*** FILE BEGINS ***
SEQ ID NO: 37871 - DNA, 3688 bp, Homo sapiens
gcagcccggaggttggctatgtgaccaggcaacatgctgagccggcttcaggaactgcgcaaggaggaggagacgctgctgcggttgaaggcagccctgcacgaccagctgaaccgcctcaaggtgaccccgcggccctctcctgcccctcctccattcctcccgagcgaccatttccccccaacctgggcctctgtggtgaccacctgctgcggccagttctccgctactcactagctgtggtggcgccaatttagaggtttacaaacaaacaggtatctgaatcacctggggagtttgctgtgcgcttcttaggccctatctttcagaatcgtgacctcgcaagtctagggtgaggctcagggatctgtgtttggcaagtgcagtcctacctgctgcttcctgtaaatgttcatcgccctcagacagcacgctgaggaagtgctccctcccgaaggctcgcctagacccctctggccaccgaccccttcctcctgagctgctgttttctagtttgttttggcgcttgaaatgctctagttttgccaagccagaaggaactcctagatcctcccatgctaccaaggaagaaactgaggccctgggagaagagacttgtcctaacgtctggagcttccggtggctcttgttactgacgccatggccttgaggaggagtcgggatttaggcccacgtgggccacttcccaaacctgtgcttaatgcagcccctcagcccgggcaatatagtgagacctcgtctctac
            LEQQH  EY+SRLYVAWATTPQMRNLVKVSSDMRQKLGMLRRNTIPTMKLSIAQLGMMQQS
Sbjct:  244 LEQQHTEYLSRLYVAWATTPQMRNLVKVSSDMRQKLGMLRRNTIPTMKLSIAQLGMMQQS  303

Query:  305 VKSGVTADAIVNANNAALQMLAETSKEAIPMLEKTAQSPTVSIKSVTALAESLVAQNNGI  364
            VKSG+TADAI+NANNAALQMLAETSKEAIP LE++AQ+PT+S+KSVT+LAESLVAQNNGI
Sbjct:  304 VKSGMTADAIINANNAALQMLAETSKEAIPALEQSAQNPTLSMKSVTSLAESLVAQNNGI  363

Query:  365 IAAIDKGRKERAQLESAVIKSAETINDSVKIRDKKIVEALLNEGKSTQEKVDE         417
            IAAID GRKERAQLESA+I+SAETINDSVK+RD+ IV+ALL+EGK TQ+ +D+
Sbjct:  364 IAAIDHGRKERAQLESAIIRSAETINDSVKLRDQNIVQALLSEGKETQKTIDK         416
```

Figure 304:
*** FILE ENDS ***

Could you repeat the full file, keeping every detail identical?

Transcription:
SEQ ID NO: 37871 - DNA, 3688 bp, Homo sapiens
gcagcccggaggttggctatgtgaccaggcaacatgctgagccggcttcaggaactgcgcaaggaggaggagacgctgctgcggttgaaggcagccctgcacgaccagctgaaccgcctcaaggtgaccccgcggccctctcctgcccctcctccattcctcccgagcgaccatttccccccaacctgggcctctgtggtgaccacctgctgcggccagttctccgctactcactagctgtggtggcgccaatttagaggtttacaaacaaacaggtatctgaatcacctggggagtttgctgtgcgcttcttaggccctatctttcagaatcgtgacctcgcaagtctagggtgaggctcagggatctgtgtttggcaagtgcagtcctacctgctgcttcctgtaaatgttcatcgccctcagacagcacgctgaggaagtgctccctcccgaaggctcgcctagacccctctggccaccgaccccttcctcctgagctgctgttttctagtttgttttggcgcttgaaatgctctagttttgccaagccagaaggaactcctagatcctcccatgctaccaaggaagaaactgaggccctgggagaagagacttgtcctaacgtctggagcttccggtggctcttgttactgacgccatggccttgaggaggagtcgggatttaggcccacgtgggccacttcccaaacctgtgcttaatgcagcccctcagcccgggcaatatagtgagacctcgtctctac
            LEQQH  EY+SRLYVAWATTPQMRNLVKVSSDMRQKLGMLRRNTIPTMKLSIAQLGMMQQS
Sbjct:  244 LEQQHTEYLSRLYVAWATTPQMRNLVKVSSDMRQKLGMLRRNTIPTMKLSIAQLGMMQQS  303

Query:  305 VKSGVTADAIVNANNAALQMLAETSKEAIPMLEKTAQSPTVSIKSVTALAESLVAQNNGI  364
            VKSG+TADAI+NANNAALQMLAETSKEAIP LE++AQ+PT+S+KSVT+LAESLVAQNNGI
Sbjct:  304 VKSGMTADAIINANNAALQMLAETSKEAIPALEQSAQNPTLSMKSVTSLAESLVAQNNGI  363

Query:  365 IAAIDKGRKERAQLESAVIKSAETINDSVKIRDKKIVEALLNEGKSTQEKVDE         417
            IAAID GRKERAQLESA+I+SAETINDSVK+RD+ IV+ALL+EGK TQ+ +D+
Sbjct:  364 IAAIDHGRKERAQLESAIIRSAETINDSVKLRDQNIVQALLSEGKETQKTIDK         416
```

Figure 304: